A concentration camp survivor, returning home to pick up the shards of his shattered life, finds his own healing and redemption inextricably entwined with that of his betrayer. Rediscover this classic in the tradition of Dostoyevsky and Tolstoy.
One of Germany’s literary giants, Ernst Emil Wiechert (1887-1950) was thrown into Buchenwald concentration camp for publicly backing anti-Nazi pastor Martin Niemöller. His final novel, published posthumously, deals with the aftermath of the Holocaust – how the survivors, both victims and perpetrators, seek healing and redemption as they pick up the shattered pieces of their lives.
Evoking comparisons to the Russian greats Dostoyevsky and Tolstoy, Wiechert displays an uncommon depth of insight into the human condition at its most degenerate and ennobling best – an understanding born of his own suffering and quest for rebirth. His novel is peopled with rich and complex characters and charged with passion and spiritual hunger.
First published in 1950 as Missa Sine Nomine (“Mass Without a Name”), Tidings deserves its place among the masterpieces of European literature.
Hardcover, 8 x 5.5 inches,
A deeply human story of loss and restitution. "That which the locust hath eaten shall be restored." I read it in small sections because I wanted to postpone the end. Thank you, Plough, for taking the risk at this time in our history by publishing a spiritual novel of such poignancy.
This book was written 64 years ago, long before psychologists coined the term "Post-Traumatic Stress Disorder" (PTSD), which is afflicting the story's main character as a result of his horrid experiences in a Nazi concentration camp during World War II. And, after this character, a German nobleman, has been released from the camp at the end of the war, he returns to his estate where he finds his mansion occupied by American troops, which adds a new form of stress. Although this character has been severely traumatized, the author does not deal with him in a clinical, analytical manner, but in the romantic, mystical manner characteristic of the (now vanished) breed of German writers to which he belonged. The bogs and other features of the environment as well as the folklore of that place and of the aristocratic milieu are well suited for this purpose. Tidings bears some resemblance to Dostoevsky's stories, but it does not grip the reader as The Brothers Karamazov does. But it is worth reading for the poignant portrayals of its characters and for the questions it raises in their grappling with matters pertaining to the meaning of life and to redemption. I had never heard of this author before, who deserves to be known. The translators and publisher are to be complimented for the efforts expended in making this book available for English-speaking readers. And it may well become popular with today's readers, many of whom are now "into" various forms of retro, such as the Victorianophiles in the "steampunk" movement.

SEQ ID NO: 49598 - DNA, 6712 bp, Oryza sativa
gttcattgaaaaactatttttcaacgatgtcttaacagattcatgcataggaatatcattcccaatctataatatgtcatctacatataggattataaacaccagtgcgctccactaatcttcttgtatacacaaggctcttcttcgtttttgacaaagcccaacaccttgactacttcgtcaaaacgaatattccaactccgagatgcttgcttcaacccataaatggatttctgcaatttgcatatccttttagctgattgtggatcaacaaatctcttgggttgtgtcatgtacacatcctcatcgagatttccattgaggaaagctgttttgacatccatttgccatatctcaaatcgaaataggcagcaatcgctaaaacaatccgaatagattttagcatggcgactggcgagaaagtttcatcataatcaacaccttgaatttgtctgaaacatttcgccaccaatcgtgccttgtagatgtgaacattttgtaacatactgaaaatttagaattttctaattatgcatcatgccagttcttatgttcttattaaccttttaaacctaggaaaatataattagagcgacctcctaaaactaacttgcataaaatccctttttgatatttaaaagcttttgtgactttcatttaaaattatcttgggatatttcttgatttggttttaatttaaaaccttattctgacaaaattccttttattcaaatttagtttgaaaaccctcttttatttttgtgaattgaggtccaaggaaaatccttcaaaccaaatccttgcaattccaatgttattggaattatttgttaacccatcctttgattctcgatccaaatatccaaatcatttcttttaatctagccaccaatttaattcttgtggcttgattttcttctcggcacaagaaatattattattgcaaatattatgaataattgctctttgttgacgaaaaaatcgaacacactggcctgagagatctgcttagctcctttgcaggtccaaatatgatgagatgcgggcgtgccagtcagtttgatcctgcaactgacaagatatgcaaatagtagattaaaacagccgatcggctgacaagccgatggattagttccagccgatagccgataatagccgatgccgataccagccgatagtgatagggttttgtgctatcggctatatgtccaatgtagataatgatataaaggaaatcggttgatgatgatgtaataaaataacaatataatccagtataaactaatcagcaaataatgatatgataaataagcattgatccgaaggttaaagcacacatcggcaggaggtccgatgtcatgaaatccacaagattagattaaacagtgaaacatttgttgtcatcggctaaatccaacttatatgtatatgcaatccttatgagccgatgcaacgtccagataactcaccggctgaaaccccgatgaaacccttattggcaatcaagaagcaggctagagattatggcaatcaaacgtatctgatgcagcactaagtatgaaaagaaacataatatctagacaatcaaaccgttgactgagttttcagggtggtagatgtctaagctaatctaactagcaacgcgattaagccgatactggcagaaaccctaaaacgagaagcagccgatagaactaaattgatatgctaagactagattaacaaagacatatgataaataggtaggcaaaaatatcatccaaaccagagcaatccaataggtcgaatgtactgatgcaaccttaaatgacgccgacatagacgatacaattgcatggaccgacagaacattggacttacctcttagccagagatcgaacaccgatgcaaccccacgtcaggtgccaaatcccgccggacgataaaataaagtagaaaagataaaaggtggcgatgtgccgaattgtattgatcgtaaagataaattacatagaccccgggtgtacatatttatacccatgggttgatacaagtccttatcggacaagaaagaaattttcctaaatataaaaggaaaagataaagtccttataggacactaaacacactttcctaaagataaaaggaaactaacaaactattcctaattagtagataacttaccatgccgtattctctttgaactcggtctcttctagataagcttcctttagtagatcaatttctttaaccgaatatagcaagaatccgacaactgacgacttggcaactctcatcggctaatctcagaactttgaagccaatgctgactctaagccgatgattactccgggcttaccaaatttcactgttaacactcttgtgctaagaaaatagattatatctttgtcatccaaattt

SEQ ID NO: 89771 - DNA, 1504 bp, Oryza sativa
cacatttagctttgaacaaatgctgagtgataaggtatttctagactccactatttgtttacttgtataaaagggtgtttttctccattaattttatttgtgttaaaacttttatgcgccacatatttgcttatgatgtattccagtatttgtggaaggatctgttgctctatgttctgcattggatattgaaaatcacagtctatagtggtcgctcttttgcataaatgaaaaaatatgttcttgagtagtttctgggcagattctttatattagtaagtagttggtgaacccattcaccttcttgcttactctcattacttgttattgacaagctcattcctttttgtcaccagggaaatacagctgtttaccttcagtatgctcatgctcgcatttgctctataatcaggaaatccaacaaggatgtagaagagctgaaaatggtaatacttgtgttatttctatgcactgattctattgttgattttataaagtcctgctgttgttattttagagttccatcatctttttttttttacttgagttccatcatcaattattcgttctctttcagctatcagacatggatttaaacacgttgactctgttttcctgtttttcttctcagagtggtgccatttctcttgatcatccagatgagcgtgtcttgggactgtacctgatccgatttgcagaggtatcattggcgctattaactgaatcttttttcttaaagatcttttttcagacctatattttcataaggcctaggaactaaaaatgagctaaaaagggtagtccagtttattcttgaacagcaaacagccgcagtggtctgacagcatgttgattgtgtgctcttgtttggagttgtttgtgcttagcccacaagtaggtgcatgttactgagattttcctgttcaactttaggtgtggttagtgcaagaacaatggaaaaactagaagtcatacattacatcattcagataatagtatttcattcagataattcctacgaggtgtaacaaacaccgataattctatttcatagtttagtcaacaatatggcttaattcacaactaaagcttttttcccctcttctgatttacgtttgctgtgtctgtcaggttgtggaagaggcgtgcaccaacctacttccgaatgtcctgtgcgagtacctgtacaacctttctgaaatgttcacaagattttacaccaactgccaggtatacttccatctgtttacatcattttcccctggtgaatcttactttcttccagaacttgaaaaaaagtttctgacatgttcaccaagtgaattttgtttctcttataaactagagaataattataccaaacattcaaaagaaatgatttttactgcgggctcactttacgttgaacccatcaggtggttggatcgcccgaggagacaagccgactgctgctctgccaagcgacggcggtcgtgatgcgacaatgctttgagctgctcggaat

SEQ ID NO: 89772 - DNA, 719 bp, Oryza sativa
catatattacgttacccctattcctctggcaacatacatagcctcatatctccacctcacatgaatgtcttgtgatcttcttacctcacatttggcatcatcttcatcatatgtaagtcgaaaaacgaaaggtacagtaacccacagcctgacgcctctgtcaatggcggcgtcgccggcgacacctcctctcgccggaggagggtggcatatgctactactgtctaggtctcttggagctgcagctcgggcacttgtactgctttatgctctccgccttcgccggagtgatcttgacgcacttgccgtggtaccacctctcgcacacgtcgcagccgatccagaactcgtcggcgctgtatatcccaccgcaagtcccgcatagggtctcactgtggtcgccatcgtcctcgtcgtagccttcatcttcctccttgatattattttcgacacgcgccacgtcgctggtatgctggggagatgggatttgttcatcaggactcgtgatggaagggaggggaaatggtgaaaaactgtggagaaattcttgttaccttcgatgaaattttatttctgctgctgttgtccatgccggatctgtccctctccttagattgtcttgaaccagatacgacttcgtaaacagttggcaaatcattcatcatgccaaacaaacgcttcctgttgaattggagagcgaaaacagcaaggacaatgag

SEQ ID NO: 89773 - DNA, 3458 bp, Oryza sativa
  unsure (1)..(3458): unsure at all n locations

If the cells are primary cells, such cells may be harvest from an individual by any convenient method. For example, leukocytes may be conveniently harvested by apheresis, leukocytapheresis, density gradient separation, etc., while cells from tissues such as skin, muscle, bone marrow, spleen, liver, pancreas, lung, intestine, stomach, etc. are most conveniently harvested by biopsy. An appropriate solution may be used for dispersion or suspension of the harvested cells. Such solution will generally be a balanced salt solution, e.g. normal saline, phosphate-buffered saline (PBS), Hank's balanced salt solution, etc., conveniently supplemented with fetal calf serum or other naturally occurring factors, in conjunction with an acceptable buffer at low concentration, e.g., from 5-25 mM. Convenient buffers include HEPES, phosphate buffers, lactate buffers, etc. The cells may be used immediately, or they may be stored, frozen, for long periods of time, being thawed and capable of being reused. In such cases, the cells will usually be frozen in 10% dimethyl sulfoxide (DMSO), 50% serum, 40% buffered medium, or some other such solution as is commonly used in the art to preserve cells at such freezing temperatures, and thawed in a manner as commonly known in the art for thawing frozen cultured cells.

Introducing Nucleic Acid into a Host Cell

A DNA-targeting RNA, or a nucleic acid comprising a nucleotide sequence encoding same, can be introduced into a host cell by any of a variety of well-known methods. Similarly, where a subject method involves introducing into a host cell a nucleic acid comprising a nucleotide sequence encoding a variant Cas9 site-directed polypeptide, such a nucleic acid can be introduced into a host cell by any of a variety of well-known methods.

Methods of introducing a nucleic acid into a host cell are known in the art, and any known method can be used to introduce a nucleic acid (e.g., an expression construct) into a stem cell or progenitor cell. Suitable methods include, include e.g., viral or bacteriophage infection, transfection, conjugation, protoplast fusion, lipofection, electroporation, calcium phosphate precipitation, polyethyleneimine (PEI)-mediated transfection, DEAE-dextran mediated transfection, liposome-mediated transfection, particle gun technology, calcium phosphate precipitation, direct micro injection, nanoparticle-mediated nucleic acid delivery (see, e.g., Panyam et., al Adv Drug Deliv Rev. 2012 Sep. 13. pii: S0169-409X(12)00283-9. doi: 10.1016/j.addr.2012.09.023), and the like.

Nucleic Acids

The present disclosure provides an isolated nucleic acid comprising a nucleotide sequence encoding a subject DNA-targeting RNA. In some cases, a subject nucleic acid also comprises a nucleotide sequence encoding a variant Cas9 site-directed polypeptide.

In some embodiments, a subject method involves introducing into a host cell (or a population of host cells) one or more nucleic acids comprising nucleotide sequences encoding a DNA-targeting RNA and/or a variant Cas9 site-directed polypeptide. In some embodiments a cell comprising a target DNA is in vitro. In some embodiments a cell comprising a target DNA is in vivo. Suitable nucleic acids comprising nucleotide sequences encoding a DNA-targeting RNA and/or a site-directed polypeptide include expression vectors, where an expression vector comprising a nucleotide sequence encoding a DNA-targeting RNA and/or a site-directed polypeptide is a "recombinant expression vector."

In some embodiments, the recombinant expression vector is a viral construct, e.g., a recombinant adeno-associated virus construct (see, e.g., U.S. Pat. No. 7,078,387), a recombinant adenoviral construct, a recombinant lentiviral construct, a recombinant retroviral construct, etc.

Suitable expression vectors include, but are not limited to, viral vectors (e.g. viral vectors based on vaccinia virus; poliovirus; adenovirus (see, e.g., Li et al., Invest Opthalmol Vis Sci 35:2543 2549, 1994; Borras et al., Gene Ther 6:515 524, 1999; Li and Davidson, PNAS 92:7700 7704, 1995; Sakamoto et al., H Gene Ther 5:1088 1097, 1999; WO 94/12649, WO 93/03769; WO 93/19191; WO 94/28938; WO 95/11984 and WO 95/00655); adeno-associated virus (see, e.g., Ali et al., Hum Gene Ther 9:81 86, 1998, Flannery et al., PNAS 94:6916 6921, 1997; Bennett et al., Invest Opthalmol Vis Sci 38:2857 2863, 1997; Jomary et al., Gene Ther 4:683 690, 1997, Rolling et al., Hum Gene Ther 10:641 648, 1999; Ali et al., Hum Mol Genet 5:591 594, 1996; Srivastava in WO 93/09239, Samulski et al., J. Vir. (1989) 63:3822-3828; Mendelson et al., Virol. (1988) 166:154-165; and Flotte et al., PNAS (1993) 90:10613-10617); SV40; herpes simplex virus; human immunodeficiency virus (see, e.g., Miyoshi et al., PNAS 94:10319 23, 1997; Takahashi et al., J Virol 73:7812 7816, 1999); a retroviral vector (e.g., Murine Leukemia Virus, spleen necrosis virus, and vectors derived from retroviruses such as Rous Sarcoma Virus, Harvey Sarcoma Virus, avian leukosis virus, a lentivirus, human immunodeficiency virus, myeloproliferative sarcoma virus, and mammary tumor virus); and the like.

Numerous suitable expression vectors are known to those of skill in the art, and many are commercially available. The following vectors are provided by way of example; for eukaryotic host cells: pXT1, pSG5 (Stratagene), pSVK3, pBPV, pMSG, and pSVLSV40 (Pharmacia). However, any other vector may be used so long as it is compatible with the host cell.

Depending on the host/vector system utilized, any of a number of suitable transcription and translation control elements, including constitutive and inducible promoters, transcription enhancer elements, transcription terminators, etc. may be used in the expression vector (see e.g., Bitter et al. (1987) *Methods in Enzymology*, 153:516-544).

The novel depicts Baron Amadeus von Liljecrona, who works as one of the best literary portraits of a nation's conscience --in this case, Germany during and immediately following Nazism. At the end of the war, the baron returns home from a concentration camp to his former estate, only to discover its occupation by American soldiers. Wiechert served five months in 1938 in Buchenwald, and the baron's difficulties in adjusting to a life of freedom in a shepherd's hut are undoubtedly related. It's the world that the baron returns to--that Wiechert himself returned to--that is the real genius of Tidings. The guilt and reconciliation that are the heart of the story make this one of the best narratives of what a genuine Christian theology of forgiveness might look like. Tidings may not be for the faint-of-heart, but for those who see this book through to the end, it's a genuine theological and literary treasure.